“Why do I have to know anything about Chemistry?”

May 23, 2010 at 8:46 am | Posted in uncategorized | 1 Comment

Musings on the importance of Science Literacy

Posted by Chris Grayeski

It is rare that student opinions factor much into my stream of consciousness in any given day but there is one comment that regularly stops me in my tracks (and I assume many other teachers as well). The comment being “why do I have to learn this?” This includes any other iterations (i.e. when do I have to know this, why is this important, why should I care etc.) as well. Are my students so far removed from the world around them that they fail to make any connections between the classroom and their lives? I certainly hope not, and I do not think that is the case. Our students have gotten too busy to notice how every subject, every curriculum; every test can teach them something about the world they live in.

There is something that every school subject has in common that could potentially unite them in a battle against student apathy. Reading occurs every minute of every day for every student. Even the weakest of our students (and readers) still have developed enough reading ability to function on a day to day basis (granted that some of their reading levels are only helpful in 8th grade real-world situations). This cross-curricular connection can give teachers an opportunity to mold better readers beyond the one period they sit in my classroom. If all of our students are reading (and learning how to read better) in all of their classes, everybody wins (Yay!).

Science literacy, specifically, demonstrates a whole new ballgame. Filled with seemingly endless facts and information, why would the average citizen deem it important in their daily lives? If it is worded this way, I can’t say I blame the students for asking why it should matter to them. In an article titled Why Should You Be Scientifically Literate?, Robert M. Hazen from actionbioscience.org states:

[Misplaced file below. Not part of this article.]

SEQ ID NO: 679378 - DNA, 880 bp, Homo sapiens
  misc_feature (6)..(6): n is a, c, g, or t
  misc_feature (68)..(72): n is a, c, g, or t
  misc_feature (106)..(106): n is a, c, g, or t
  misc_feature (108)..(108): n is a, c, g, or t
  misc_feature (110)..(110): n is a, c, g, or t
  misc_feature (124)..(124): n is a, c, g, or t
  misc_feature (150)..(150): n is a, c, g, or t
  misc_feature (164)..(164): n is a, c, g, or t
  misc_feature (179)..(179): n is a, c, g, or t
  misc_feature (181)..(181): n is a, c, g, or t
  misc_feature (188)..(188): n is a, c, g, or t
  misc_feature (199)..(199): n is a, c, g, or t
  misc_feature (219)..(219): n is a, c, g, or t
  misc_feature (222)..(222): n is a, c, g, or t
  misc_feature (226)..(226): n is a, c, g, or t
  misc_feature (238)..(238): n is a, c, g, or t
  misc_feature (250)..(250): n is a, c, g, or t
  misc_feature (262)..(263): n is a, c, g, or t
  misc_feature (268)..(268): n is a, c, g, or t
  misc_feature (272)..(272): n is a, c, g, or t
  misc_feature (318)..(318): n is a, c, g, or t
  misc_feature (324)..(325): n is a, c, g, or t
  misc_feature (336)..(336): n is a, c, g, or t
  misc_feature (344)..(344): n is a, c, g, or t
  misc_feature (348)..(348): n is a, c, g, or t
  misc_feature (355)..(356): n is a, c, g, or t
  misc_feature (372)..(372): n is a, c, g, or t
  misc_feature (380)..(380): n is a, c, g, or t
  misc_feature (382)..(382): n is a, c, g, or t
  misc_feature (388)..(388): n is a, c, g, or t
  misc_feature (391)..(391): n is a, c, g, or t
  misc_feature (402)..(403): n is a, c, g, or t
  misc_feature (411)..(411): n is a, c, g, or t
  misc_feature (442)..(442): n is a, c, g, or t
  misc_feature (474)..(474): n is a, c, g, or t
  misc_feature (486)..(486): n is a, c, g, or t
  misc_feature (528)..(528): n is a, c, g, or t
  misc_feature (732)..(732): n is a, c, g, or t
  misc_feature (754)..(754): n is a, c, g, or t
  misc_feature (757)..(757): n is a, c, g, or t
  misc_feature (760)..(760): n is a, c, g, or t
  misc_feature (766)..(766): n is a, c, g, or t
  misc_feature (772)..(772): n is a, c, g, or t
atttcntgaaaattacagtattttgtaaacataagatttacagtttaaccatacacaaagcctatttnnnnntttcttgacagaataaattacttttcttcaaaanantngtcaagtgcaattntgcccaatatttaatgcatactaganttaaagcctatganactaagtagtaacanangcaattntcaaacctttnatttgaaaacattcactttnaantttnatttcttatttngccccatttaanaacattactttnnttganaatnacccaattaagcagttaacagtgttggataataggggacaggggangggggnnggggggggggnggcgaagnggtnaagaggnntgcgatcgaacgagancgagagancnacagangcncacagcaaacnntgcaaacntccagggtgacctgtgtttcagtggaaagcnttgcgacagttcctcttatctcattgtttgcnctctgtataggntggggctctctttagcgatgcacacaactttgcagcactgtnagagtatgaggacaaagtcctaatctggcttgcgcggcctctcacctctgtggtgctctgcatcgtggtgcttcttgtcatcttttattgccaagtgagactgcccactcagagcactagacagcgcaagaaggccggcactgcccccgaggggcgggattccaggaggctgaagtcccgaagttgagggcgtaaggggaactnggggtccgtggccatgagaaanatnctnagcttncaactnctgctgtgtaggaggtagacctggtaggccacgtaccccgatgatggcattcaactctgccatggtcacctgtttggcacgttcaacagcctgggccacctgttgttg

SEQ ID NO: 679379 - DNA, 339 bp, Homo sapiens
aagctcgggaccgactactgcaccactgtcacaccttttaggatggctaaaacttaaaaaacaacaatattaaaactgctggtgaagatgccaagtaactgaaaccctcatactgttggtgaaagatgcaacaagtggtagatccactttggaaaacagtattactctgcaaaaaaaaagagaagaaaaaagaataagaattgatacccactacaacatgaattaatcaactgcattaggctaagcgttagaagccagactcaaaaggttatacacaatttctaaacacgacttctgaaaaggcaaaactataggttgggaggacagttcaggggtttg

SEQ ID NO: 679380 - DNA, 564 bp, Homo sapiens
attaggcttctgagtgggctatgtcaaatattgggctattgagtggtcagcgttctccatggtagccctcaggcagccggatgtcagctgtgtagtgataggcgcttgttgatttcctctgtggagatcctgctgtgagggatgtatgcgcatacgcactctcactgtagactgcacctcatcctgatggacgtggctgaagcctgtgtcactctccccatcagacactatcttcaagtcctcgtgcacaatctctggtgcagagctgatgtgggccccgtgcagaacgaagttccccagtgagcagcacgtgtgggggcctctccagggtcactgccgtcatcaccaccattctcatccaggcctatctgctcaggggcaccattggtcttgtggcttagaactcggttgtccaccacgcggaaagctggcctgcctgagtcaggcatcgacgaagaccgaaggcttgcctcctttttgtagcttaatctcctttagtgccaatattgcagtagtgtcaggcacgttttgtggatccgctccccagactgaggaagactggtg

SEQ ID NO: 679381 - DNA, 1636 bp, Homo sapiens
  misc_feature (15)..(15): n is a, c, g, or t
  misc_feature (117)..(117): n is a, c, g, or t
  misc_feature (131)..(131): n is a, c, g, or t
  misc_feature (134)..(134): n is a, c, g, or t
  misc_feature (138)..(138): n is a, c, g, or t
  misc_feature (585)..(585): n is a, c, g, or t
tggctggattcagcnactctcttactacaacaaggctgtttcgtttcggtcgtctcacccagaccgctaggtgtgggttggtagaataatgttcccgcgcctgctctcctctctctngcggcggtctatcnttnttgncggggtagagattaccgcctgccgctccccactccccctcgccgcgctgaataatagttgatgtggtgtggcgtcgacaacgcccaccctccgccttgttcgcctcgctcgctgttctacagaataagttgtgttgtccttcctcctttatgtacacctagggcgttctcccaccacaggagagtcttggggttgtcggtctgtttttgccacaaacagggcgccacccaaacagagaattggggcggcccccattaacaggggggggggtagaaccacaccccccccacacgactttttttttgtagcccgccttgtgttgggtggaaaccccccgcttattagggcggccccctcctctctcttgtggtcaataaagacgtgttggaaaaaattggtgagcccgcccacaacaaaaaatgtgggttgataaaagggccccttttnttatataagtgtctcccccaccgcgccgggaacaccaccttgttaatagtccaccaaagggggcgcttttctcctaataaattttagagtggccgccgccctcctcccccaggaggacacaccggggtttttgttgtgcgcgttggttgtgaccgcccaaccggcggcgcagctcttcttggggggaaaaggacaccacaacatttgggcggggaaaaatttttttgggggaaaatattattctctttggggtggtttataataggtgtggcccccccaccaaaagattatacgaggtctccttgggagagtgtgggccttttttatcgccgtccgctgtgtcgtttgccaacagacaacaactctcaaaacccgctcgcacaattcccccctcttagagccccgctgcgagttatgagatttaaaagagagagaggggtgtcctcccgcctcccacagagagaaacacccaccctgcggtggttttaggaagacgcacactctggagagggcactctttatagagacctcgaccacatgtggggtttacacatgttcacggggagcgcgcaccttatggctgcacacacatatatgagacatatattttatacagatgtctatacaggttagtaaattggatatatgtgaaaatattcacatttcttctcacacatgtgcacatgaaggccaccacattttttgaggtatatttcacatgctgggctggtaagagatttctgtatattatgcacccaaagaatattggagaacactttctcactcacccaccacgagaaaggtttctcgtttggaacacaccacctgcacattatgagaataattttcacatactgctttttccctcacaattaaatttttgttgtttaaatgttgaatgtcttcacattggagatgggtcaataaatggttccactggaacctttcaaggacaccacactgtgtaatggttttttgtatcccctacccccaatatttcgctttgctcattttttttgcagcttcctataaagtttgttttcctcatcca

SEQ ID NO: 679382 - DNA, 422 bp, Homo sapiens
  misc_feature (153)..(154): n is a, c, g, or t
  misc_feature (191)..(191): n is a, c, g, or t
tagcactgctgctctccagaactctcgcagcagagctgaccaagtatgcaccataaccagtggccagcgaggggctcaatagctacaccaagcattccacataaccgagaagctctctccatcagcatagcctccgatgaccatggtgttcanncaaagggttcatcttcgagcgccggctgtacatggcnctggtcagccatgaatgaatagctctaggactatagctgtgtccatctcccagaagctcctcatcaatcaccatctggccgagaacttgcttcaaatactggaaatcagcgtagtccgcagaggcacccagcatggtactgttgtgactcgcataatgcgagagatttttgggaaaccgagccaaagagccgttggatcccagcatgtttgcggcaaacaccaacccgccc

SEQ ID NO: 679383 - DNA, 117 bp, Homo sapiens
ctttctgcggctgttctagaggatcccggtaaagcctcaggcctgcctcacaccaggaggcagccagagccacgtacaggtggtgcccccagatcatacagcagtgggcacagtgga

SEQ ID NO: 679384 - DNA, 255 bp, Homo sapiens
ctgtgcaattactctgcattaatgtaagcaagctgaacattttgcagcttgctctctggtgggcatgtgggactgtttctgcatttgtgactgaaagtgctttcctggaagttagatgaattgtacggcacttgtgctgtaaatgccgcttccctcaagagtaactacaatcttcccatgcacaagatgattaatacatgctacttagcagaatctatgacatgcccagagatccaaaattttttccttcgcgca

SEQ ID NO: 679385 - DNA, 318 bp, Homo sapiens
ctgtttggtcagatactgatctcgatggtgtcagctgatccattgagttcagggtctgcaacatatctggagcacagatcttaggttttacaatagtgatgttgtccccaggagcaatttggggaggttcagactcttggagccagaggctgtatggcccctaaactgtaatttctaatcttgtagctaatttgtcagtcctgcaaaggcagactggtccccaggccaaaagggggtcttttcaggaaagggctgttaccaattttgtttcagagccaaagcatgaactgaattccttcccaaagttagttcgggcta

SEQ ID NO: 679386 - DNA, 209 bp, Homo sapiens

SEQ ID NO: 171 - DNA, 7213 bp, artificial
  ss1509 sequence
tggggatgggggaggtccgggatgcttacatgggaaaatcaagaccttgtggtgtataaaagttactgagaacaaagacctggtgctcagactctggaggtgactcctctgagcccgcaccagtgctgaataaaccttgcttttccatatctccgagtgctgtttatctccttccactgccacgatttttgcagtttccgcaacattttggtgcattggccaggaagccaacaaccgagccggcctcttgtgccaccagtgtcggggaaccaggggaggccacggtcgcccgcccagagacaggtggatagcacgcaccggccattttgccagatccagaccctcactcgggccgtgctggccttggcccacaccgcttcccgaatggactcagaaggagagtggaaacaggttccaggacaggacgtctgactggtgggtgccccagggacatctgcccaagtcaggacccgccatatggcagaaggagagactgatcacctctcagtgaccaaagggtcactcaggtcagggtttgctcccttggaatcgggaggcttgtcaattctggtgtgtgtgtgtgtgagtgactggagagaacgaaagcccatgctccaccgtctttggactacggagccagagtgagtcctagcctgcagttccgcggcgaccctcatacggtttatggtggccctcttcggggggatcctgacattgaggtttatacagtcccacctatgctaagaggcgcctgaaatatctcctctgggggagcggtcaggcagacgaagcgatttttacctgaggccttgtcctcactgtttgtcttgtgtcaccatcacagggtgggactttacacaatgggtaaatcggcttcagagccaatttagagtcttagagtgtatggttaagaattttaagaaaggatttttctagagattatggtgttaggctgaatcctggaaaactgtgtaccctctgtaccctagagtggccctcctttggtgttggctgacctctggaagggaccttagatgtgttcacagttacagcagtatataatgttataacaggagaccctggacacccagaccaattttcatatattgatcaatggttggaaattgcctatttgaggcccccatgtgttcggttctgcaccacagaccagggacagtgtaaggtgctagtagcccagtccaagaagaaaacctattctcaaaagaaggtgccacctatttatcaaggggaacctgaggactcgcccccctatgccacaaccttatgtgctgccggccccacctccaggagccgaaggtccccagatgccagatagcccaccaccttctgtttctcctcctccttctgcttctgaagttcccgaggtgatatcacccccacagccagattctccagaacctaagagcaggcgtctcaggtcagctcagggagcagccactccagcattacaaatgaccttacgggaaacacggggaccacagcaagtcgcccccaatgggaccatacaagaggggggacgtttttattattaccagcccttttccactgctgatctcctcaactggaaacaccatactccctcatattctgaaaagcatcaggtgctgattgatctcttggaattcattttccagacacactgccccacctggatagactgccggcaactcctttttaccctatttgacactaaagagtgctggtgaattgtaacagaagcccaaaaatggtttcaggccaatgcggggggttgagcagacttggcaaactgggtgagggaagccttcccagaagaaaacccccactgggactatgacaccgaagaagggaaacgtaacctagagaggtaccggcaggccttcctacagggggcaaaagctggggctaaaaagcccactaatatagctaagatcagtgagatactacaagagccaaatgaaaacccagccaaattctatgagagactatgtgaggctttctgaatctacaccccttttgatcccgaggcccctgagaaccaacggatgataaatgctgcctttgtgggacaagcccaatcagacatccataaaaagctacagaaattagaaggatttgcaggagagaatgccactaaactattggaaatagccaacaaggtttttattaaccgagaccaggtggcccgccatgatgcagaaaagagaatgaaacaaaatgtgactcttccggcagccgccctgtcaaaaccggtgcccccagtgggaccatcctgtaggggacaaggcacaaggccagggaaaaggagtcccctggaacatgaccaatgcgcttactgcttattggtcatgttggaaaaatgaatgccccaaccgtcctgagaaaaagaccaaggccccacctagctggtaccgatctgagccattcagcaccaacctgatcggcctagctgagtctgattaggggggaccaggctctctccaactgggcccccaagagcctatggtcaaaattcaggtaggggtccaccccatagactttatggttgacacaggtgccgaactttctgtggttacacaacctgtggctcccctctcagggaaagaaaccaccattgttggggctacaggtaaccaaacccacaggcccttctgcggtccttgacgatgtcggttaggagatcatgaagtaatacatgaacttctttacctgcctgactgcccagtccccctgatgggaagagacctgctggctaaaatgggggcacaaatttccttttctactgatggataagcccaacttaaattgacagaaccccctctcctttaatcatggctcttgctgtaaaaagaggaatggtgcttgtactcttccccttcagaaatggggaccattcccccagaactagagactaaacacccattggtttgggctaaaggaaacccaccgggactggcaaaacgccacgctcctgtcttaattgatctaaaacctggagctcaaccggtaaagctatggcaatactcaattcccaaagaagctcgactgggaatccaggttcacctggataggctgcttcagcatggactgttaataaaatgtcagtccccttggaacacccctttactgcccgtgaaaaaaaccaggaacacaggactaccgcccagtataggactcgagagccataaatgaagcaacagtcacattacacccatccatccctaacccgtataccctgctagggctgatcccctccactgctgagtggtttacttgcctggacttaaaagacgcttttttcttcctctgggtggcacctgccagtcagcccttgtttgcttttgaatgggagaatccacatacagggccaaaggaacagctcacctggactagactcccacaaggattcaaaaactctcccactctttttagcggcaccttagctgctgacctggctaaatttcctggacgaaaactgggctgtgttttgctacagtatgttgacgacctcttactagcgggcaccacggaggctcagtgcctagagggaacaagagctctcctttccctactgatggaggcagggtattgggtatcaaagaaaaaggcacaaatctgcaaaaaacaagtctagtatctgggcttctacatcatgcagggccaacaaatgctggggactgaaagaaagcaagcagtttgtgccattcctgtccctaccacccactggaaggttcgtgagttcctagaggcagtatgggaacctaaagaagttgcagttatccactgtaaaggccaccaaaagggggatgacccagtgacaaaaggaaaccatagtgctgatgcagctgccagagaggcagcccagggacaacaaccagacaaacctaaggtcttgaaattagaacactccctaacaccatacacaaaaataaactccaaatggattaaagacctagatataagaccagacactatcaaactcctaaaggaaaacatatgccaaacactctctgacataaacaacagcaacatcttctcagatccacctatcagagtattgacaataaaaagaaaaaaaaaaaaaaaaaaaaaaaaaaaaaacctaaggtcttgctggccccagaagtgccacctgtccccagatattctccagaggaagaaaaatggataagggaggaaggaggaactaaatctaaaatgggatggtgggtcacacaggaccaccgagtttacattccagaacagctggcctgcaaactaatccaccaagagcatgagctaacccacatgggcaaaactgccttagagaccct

“More and more, scientific and technological issues dominate national discourse, from environmental debates on ozone depletion and acid rain, to economic threats from climate change and invasive species. Understanding these debates has become as basic as reading. All citizens need to be scientifically literate to:

  • appreciate the world around them
  • make informed personal choices

It is the responsibility of scientists and educators to provide everyone with the background knowledge to help us cope with the fast-paced changes of today and tomorrow…”

I have no problem believing in and supporting what Hazen says, science literacy is without a doubt becoming increasingly important (i.e. BP oil spill). My difficulty is in figuring out how to get this across to students. What kinds of text resources could best demonstrate this connection to the students and in the process create better readers in science and other subjects as well? Current events are great, but do the students possess enough background knowledge to make them relevant today? Pre-reading strategies become of utmost importance when it comes to dissecting (pun intended) science texts.


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  1. This is a very interesting topic. As the world has moved into a more scientific/technological age, it would seem that citizens should be able to be scientifically literate. I would have to agree with Chris and Hazen on this point. During elections, there are many scientific ideas and concepts brought up that voters need to be aware of. Just having the basic reading skills may not be enough for people to fully understand certain topics.
    The problem is however how do we get our students more scientifically literate? It sounds a lot easier said than done. We could provide students with scientifically scholarly journal articles, but that is not practical. I would have to agree with Chris that reading strategies become very important when beginning to get students to become scientifically literate. Reading current events would be a start by at least exposing the students to some sort of scientific material.
    I was wondering if we have to get the idea across to students that scientific literacy is important. Would it be possible throughout the year to slip in various scientific documents and eventually a scientific literacy is built. As I have never been a teacher I do not know how practical this idea would be. Everything sounds good in practice until you hit the field. I would think that reading strategies would help alleviate some of the stresses associated with reading scientific material. Ultimately this all comes down to getting students engaged in the material to be read.

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